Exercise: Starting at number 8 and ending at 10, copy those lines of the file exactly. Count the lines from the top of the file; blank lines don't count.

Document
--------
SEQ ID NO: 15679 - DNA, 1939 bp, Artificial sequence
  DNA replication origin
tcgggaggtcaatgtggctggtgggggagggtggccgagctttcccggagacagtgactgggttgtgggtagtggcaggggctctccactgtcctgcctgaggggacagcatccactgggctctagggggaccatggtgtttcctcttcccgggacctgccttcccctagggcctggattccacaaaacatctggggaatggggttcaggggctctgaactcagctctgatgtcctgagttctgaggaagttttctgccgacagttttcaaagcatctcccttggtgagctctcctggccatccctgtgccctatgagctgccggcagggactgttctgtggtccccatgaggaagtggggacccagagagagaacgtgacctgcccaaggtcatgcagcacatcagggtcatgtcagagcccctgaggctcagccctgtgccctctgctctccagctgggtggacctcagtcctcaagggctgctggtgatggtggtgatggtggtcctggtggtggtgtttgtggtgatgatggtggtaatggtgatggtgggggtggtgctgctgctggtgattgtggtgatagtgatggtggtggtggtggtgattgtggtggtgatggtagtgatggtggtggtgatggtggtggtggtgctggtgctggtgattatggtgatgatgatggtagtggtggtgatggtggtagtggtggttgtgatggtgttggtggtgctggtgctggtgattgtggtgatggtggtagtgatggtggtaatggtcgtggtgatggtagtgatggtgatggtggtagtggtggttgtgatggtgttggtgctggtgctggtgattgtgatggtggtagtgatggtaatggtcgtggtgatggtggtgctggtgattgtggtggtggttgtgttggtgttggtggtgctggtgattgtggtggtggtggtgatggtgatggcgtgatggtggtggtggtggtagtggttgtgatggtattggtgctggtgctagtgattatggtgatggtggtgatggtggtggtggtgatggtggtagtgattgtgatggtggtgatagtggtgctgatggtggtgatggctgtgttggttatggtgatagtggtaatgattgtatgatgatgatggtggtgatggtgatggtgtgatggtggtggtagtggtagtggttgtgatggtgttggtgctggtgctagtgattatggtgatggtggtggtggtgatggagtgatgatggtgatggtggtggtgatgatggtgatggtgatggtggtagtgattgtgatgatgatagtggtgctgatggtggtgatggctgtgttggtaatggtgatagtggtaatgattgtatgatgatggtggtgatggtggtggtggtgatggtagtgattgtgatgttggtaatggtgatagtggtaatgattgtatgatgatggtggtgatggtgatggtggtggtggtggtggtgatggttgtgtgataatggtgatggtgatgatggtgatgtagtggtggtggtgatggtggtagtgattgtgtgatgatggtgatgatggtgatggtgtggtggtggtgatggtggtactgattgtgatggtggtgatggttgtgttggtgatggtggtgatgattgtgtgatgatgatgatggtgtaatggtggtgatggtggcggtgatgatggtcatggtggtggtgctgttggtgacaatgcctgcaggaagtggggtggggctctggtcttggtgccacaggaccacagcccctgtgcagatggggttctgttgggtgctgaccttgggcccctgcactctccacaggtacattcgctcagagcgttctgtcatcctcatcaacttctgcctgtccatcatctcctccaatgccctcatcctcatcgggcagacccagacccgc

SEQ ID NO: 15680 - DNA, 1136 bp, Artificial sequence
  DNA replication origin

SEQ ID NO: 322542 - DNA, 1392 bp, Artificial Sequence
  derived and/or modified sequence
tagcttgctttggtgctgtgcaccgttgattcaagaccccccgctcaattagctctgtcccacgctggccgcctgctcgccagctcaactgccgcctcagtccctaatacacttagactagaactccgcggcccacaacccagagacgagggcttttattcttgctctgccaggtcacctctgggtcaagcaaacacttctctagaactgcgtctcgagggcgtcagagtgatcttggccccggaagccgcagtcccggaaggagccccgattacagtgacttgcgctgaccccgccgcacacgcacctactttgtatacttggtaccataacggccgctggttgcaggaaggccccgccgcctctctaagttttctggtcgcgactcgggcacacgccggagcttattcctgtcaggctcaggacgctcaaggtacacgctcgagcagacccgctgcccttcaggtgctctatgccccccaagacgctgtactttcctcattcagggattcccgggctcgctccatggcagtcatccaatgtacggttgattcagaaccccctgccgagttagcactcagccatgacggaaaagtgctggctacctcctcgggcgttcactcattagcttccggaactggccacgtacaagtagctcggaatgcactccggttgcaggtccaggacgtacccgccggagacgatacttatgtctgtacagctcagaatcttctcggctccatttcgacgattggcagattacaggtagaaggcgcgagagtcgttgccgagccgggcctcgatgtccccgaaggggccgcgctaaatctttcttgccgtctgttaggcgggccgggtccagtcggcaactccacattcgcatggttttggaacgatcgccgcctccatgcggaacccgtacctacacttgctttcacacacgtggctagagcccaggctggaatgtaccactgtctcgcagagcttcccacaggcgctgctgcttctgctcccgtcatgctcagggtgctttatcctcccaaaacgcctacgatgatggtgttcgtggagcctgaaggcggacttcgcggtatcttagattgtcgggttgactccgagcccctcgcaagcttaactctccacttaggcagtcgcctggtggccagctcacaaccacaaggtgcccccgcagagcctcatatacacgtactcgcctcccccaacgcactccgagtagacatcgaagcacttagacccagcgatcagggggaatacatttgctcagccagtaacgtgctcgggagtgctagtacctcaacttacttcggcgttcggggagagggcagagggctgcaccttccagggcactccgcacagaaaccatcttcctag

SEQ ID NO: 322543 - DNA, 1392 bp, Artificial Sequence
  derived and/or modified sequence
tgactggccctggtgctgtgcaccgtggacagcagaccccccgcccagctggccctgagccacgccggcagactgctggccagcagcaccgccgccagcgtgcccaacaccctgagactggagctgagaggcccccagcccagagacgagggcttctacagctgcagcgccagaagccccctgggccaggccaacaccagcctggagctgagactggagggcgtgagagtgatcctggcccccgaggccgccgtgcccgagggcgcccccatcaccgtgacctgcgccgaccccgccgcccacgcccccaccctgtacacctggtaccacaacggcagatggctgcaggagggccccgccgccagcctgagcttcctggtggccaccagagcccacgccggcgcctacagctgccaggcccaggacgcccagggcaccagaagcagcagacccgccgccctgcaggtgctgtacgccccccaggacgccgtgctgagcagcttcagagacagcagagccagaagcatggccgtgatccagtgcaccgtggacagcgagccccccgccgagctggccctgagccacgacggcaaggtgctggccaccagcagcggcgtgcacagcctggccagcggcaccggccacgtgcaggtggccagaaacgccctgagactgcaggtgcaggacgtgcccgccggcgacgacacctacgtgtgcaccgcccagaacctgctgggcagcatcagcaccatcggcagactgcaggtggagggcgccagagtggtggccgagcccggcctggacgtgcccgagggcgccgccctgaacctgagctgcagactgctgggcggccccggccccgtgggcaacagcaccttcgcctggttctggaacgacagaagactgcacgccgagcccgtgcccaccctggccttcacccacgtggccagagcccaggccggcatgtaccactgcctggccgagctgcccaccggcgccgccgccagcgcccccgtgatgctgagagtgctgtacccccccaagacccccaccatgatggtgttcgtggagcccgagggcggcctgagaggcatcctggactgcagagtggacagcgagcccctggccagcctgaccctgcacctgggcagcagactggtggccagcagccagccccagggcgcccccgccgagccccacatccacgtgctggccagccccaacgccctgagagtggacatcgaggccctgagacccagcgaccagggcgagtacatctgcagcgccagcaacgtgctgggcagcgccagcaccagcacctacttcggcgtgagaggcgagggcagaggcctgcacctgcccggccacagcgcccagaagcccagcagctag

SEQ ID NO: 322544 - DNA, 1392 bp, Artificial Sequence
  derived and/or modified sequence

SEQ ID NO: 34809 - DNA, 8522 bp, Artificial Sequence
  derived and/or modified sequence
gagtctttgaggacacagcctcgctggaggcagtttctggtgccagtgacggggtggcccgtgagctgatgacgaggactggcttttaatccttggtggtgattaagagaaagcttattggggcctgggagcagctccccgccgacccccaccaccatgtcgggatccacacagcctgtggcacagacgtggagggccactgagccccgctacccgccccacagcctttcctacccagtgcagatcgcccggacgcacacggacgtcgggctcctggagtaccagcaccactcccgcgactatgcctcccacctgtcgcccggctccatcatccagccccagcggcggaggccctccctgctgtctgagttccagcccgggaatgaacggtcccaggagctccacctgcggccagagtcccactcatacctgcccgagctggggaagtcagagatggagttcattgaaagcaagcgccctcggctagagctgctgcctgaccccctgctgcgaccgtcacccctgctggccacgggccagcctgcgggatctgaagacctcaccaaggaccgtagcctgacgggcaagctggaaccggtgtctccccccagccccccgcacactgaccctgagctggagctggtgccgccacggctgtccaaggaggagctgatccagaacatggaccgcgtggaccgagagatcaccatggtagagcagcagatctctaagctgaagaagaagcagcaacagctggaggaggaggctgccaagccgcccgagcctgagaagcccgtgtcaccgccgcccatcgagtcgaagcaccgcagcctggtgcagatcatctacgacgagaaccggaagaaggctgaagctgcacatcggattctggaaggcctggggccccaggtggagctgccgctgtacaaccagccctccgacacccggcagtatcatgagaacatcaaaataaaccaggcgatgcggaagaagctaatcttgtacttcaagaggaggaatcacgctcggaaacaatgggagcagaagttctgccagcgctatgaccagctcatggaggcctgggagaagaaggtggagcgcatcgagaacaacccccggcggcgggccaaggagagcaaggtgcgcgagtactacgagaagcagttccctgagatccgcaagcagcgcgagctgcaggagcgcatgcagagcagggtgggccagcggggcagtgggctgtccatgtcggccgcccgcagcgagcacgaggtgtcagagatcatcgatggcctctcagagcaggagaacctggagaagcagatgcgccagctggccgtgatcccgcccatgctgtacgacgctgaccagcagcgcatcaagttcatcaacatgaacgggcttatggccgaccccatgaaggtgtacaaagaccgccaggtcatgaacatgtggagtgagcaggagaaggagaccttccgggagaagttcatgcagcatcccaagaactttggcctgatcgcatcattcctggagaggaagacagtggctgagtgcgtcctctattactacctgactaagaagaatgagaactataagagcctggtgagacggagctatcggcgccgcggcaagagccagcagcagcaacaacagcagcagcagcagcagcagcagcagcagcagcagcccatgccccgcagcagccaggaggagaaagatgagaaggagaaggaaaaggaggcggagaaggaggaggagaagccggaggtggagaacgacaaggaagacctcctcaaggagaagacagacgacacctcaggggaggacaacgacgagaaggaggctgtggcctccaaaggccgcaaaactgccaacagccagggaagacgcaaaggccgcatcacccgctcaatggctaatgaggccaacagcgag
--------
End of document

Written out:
tagcttgctttggtgctgtgcaccgttgattcaagaccccccgctcaattagctctgtcccacgctggccgcctgctcgccagctcaactgccgcctcagtccctaatacacttagactagaactccgcggcccacaacccagagacgagggcttttattcttgctctgccaggtcacctctgggtcaagcaaacacttctctagaactgcgtctcgagggcgtcagagtgatcttggccccggaagccgcagtcccggaaggagccccgattacagtgacttgcgctgaccccgccgcacacgcacctactttgtatacttggtaccataacggccgctggttgcaggaaggccccgccgcctctctaagttttctggtcgcgactcgggcacacgccggagcttattcctgtcaggctcaggacgctcaaggtacacgctcgagcagacccgctgcccttcaggtgctctatgccccccaagacgctgtactttcctcattcagggattcccgggctcgctccatggcagtcatccaatgtacggttgattcagaaccccctgccgagttagcactcagccatgacggaaaagtgctggctacctcctcgggcgttcactcattagcttccggaactggccacgtacaagtagctcggaatgcactccggttgcaggtccaggacgtacccgccggagacgatacttatgtctgtacagctcagaatcttctcggctccatttcgacgattggcagattacaggtagaaggcgcgagagtcgttgccgagccgggcctcgatgtccccgaaggggccgcgctaaatctttcttgccgtctgttaggcgggccgggtccagtcggcaactccacattcgcatggttttggaacgatcgccgcctccatgcggaacccgtacctacacttgctttcacacacgtggctagagcccaggctggaatgtaccactgtctcgcagagcttcccacaggcgctgctgcttctgctcccgtcatgctcagggtgctttatcctcccaaaacgcctacgatgatggtgttcgtggagcctgaaggcggacttcgcggtatcttagattgtcgggttgactccgagcccctcgcaagcttaactctccacttaggcagtcgcctggtggccagctcacaaccacaaggtgcccccgcagagcctcatatacacgtactcgcctcccccaacgcactccgagtagacatcgaagcacttagacccagcgatcagggggaatacatttgctcagccagtaacgtgctcgggagtgctagtacctcaacttacttcggcgttcggggagagggcagagggctgcaccttccagggcactccgcacagaaaccatcttcctag

SEQ ID NO: 322543 - DNA, 1392 bp, Artificial Sequence
  derived and/or modified sequence